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Buying versus Renting in Singapore

Home ownership is a big deal in Singapore and in Asia overall. Most of the people use to rent a room so Singaporean Dream is more often the one that stands for Condo (Condominium). Buying a home is one of the most  important and emotional decisions, sometimes it can be very stressful because of contracting a lone. To make a better decision, you should remember about the pros and cons of buying and renting properties.


Pros of Renting

  1. For the same cost every month, you can generally afford a larger space when you rent than when you buy. Also, the initial deposit for rental is much lower than the startup costs of owning a property.
  2. You have the flexibility to upgrade or downgrade the quality of your rental property as your own financial health improves or declines.
  3. You have more discretionary money to spend since your money isn’t tied up in the rental property.
  4. You have the freedom to move since your obligation to the rental property is short-term.
  5. You are not ultimately responsible in maintaining and improving the rental property.

Cons of Renting

  1. There is a risk that you will have to move when the landlord sells the property.
  2. You won’t have much freedom to decorate or renovate the rental property.
  3. Rental payments are not tax-deductible.
  4. You cannot financially tap into the value of the rental property.


Pros of Buying

  1. The mortgage interest payments and property taxes are tax deductible.
  2. Every two years, you can enjoy tax-free capital gains of up to $250,000 when you sell your primary residence if you satisfy certain conditions.
  3. Buying a property allows you to profit using someone else’s money. You can purchase a property with a down payment while the lender provides the rest of the money. When your property increases in value, you will make a profit on an asset that you couldn’t afford to fully pay for in the first place.
  4. A property is a good hedge against inflation. Historically, property values have appreciated faster than the cost of living.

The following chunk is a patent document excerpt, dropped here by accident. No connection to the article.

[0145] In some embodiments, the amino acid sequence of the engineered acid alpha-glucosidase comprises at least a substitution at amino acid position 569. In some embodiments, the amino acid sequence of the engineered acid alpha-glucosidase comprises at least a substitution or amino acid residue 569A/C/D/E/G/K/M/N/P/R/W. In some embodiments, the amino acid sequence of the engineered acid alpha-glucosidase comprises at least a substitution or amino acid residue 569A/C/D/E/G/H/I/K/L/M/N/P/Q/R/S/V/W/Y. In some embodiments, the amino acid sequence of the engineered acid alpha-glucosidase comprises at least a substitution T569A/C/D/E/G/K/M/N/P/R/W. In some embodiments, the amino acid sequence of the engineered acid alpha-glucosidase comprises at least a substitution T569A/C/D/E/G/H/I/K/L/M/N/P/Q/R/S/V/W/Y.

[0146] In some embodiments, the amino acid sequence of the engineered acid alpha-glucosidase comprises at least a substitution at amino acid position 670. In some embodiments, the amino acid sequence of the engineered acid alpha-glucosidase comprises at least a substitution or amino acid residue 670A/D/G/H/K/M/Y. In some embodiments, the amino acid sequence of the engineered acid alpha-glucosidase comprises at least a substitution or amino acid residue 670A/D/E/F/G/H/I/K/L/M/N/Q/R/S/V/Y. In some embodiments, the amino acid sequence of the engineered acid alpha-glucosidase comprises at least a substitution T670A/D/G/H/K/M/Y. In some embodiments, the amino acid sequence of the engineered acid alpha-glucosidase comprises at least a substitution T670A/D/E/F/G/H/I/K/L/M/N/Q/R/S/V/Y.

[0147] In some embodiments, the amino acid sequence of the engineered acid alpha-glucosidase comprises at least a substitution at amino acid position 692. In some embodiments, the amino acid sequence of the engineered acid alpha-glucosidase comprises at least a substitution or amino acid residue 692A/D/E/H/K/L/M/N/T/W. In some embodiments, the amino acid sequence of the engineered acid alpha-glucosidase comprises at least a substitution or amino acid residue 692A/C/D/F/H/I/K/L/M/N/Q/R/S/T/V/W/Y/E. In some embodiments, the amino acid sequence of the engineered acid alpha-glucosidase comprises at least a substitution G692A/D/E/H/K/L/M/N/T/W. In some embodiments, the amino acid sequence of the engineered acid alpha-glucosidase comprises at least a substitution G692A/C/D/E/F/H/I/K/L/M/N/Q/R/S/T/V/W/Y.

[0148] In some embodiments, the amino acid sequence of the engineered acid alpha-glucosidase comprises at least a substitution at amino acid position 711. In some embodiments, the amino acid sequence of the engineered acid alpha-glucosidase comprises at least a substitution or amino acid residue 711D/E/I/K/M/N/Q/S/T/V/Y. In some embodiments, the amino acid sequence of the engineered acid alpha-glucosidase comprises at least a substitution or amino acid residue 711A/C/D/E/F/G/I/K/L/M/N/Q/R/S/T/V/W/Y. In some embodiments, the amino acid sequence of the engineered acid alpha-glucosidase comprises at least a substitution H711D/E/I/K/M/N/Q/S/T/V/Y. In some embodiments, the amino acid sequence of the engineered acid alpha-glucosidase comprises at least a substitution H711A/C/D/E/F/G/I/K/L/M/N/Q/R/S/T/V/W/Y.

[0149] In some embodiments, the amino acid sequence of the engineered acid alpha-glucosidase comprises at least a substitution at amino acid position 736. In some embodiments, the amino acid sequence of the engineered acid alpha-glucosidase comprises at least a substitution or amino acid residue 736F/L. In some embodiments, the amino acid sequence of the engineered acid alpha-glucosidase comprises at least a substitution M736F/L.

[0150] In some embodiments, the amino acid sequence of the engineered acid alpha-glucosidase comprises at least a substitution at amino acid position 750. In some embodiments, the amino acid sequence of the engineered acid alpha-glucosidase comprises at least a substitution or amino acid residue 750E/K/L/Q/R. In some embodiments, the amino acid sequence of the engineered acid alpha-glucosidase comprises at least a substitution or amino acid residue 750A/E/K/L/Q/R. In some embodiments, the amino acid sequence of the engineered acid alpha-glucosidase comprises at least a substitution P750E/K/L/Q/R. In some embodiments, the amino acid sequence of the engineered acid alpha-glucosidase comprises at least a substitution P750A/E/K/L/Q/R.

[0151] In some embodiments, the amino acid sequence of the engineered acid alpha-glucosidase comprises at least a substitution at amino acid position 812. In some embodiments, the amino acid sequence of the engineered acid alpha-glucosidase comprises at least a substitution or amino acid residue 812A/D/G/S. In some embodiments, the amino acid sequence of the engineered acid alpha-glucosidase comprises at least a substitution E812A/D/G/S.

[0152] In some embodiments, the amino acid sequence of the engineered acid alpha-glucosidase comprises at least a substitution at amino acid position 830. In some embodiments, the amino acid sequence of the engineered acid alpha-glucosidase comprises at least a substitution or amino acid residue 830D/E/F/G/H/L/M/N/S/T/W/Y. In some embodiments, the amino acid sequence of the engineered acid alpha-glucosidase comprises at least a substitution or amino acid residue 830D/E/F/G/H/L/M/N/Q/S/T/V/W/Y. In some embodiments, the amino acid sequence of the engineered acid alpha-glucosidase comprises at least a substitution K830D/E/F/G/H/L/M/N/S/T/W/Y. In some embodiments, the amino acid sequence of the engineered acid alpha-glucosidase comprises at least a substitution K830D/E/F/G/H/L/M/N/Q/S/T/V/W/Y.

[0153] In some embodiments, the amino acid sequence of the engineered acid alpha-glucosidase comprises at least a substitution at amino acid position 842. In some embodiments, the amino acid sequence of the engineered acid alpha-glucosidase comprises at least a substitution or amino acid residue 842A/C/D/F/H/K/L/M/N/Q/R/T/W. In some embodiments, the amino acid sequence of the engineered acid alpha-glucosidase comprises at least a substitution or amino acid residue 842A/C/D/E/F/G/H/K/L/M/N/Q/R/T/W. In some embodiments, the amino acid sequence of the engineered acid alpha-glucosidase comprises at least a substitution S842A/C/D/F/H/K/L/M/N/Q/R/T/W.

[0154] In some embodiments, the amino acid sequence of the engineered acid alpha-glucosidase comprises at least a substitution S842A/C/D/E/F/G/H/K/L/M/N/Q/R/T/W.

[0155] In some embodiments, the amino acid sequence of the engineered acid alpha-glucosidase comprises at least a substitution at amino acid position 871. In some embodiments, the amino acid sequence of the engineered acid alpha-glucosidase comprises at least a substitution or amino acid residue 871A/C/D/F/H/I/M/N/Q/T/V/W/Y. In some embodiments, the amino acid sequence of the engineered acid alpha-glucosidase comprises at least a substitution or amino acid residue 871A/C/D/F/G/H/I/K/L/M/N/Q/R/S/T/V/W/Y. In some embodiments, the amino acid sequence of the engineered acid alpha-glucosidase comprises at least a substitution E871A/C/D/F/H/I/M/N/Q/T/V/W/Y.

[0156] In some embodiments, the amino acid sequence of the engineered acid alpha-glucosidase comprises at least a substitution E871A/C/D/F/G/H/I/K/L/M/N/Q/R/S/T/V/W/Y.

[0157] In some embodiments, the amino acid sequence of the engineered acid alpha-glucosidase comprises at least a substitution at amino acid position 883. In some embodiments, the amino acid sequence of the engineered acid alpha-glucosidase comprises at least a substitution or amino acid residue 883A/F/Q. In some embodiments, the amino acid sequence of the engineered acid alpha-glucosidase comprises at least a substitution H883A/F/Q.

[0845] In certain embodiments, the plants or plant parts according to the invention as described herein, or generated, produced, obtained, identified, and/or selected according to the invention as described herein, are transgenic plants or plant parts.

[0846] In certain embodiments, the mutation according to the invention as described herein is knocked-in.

Cons of Buying

  1. You have the responsibility of maintaining the property. This could drain your resources, energy and time.
  2. On average, you have higher monthly costs when you take into consideration the property taxes and insurance premiums.
  3. There is a risk you may lose money if your property depreciates, especially in a declining market.
  4. You can’t move as freely as you can when you rent.

Category: Accomodation, Cost of living, Singapore

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4 Responses

  1. Jorell says:

    I just added your blog site to my blogroll, I pray you would give some thought to doing the same.

  2. Bryan Norman says:

    It’s been almost half a year since this article – time for an update.

    If you’re looking to buy, then note that buyers have been returning to the market in April, in spite of the latest several rounds of government measures to prevent the property bubble from going out of control.

    Prices are still up, although they’re just inching now.

    That said, the numbers of TOP’s coming online in the years to come will likely equate to empty units for quite some time…. unless the population really does keep climbing, which is not all that likely, given the signals broadcast by the government during this last election.

    In short, it looks like it’ll be a renters’ market for the foreseeable future. Rents will almost surely come under pressure. They may show signs of stickiness on the way down, but the downward spiral will certainly accelerate once the realization sets in amongst landlords that they paid top dollar for their unit and it’s not as easy as they thought to find a tenant.

    There is one wildcard in this equation: if the majority of all new projects is being purchased by foreign HNWI’s , then rents may not drop all that much, as these individuals are none too bothered if their unit isn’t occupied.

    Bottom line: it’s quite a volatile landscape right now. I doubt that flippers will be gaining much currently, it’s more of a get rich slow scenario.

    Interesting times…

  3. Joyvue says:

    “The mortgage interest payments and property taxes are tax deductible.”

    it is NOT tax deductible in Singapore!!!

    Please update or provide supporting references

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